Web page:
With the cicret bracelet, you can do what you used to do on your phone or tablet but directly on your skin without any smart phone. The cicret bracelet is a waterproof sleek bracelet with endless smart phone possibilities and capabilities.
It can allow you to perform all operations without the need for you to touch your smart mobile device, from making calls, to checking emails, to sending text messages, watching videos from your phone, making calls, playing games, to mention but a few.
With recent details of the Microsoft Band 2 leaking this begs the question, are fitness trackers and other wearables just a fad or are they the future?
According to ABI Research by 2017, there will be 169.5 million wearable health and fitness devices on the market worldwide, up from 21 million in 2011 and this trend appears to be on the rise with many players competing for the is ever expanding niche market.
The number of players in this market is ever expading with players like Fitbit, Jawbone, Microsoft band and many others offering diverse experiences with their products which include full health statistics as seen by the Micorosft Health vault and many others.
Sure the fitness folks may be all in with these trackers but the general public is still skeptical with issues such as charging frequently still plaguing its wider adoption. Some of these issues are also seen by the smart watch market and still to be solved.
With technology rapidly evolving the fitness trackers provide great use in the health sector but not wider adoption else where. Some companies have gone on to suggest that the future lies with implantable devices sparking apocalyptic blog posts over the web. Even as chips get smaller, faster and more efficient, the trackers will be become smaller and cheaper too making them accessible to a wider audience but will face stiff competition from implantable technology which is being pushed by companies to provide solutions for biometric authentication and other medical uses.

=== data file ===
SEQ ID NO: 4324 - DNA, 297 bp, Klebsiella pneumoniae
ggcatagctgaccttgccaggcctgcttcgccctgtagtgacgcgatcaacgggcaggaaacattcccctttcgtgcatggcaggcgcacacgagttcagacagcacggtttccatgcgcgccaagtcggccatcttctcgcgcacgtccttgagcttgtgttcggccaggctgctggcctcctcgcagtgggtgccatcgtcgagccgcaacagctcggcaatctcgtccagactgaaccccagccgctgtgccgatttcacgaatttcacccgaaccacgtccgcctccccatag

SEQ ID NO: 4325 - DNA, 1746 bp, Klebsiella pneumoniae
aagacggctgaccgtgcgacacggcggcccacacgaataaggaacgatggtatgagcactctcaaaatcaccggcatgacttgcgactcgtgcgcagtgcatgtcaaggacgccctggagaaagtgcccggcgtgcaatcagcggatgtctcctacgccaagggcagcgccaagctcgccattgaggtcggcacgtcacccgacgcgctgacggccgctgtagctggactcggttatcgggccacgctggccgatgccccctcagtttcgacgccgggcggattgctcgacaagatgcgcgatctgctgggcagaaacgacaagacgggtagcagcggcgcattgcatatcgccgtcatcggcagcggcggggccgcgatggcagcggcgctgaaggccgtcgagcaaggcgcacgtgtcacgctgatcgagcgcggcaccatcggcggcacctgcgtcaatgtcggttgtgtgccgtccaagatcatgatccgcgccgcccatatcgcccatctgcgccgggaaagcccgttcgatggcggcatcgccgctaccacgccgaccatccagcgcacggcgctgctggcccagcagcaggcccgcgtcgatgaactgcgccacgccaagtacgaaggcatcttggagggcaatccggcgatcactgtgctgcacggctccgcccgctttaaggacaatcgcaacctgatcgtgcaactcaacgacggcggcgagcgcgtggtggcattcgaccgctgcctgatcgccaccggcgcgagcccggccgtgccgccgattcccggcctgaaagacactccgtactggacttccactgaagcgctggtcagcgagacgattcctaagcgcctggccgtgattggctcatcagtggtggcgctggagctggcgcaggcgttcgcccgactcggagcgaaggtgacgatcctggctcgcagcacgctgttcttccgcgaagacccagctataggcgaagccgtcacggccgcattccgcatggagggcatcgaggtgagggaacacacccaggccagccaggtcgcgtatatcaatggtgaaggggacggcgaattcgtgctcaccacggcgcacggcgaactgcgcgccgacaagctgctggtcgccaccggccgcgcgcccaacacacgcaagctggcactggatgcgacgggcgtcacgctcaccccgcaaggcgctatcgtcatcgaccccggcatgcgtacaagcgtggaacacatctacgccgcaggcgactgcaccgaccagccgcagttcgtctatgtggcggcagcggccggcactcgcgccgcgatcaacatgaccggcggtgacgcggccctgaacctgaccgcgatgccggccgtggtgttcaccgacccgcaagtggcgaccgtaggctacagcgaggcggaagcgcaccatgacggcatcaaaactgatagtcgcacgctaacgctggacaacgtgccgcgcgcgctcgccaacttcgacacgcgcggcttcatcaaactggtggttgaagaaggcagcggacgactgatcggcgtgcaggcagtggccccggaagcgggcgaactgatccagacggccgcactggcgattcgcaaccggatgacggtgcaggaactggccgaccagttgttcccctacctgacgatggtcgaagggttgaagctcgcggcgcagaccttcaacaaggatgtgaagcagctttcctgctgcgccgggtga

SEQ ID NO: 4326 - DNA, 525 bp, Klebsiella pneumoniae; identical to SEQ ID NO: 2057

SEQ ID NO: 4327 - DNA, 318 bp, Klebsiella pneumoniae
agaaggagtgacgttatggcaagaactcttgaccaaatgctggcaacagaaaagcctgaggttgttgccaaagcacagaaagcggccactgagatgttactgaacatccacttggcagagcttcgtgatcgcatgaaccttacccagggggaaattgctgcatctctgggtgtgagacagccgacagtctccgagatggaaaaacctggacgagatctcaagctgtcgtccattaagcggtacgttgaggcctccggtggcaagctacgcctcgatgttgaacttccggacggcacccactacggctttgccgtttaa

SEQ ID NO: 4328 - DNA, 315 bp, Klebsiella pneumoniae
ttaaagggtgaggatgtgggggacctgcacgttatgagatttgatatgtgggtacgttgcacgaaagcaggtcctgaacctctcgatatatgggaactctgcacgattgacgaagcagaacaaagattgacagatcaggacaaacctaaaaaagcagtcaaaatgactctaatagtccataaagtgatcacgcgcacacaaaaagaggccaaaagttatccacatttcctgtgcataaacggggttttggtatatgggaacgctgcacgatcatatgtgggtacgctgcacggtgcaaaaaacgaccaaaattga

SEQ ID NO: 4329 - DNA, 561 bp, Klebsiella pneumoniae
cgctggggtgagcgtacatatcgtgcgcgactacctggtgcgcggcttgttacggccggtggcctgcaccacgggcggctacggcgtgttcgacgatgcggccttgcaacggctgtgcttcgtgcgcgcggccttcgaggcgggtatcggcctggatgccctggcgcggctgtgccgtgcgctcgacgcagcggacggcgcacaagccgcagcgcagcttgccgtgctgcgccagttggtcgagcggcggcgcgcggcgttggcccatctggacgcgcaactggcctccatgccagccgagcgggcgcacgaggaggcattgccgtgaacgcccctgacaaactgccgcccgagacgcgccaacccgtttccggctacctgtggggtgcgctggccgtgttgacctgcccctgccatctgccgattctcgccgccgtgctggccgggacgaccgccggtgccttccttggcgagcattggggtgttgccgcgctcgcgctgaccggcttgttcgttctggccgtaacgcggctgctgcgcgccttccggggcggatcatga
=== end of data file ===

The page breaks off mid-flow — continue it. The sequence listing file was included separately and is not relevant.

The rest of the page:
The future may not incidentally lie in wearables but more with implantable devices as mainstream media and companies are starting to adopt early use cases like animal tracking, biometric authentication and others with legislation also strongly pushing for its adoption, the future may come sooner than we expect or think and maybe....just maybe the apocalyptic bloggers are onto something
Asus announced RT-AC5300, the world’s fastest Wi-Fi router during the pre-IFA 2015 press event held at the Bolle Meierei, in Berlin, Germany.
RT-AC5300 is an innovative AC5300-class tri-band wireless router that delivers the world’s fastest Wi-Fi — with Broadcom® NitroQAM™ RT-AC5300 delivers up to 1000Mbit/s on the 2.4GHz band and up to 2167Mbit/s on each of the two 5GHz bands, for a combined total of up to 5334Mbit/s. This gives users a low-latency gaming experience and ultra-fast 4K/UHD video streaming anywhere in the home.
With eight powerful external antennas in a four-transmit, four-receive (4T4R) configuration, both Wi-Fi range and signal stability are dramatically improved, giving our widest-ever coverage up to 500 square meters. AiRadar beamforming focuses the Wi-Fi signal, giving faster, clearer and stronger Wi-Fi performance for each device.
Building your own computer is starting to come back in style thanks to initiatives like Phonebloks and Google's Project Ara, and now Acer is bringing that idea to the desktop. It's introducing a new PC today called the Revo Build Series, which starts as a small core block and can then be built upon by adding new bricks on top of it. Imagine having a vertical tower of Lego pieces, only with every piece you add, the tower gains a new ability.
Blocks include speakers, a projector, and a wireless charging dock
Acer calls these add-ons "blocks." It'll initially be offering blocks with a 500GB hard drive, a 1TB hard drive, a wireless charging dock, a speaker unit, a GPU, a projector, and a microphone. Additional blocks will be "rolled out gradually," but Acer doesn't say how often or what's coming next. It doesn't even say the price of these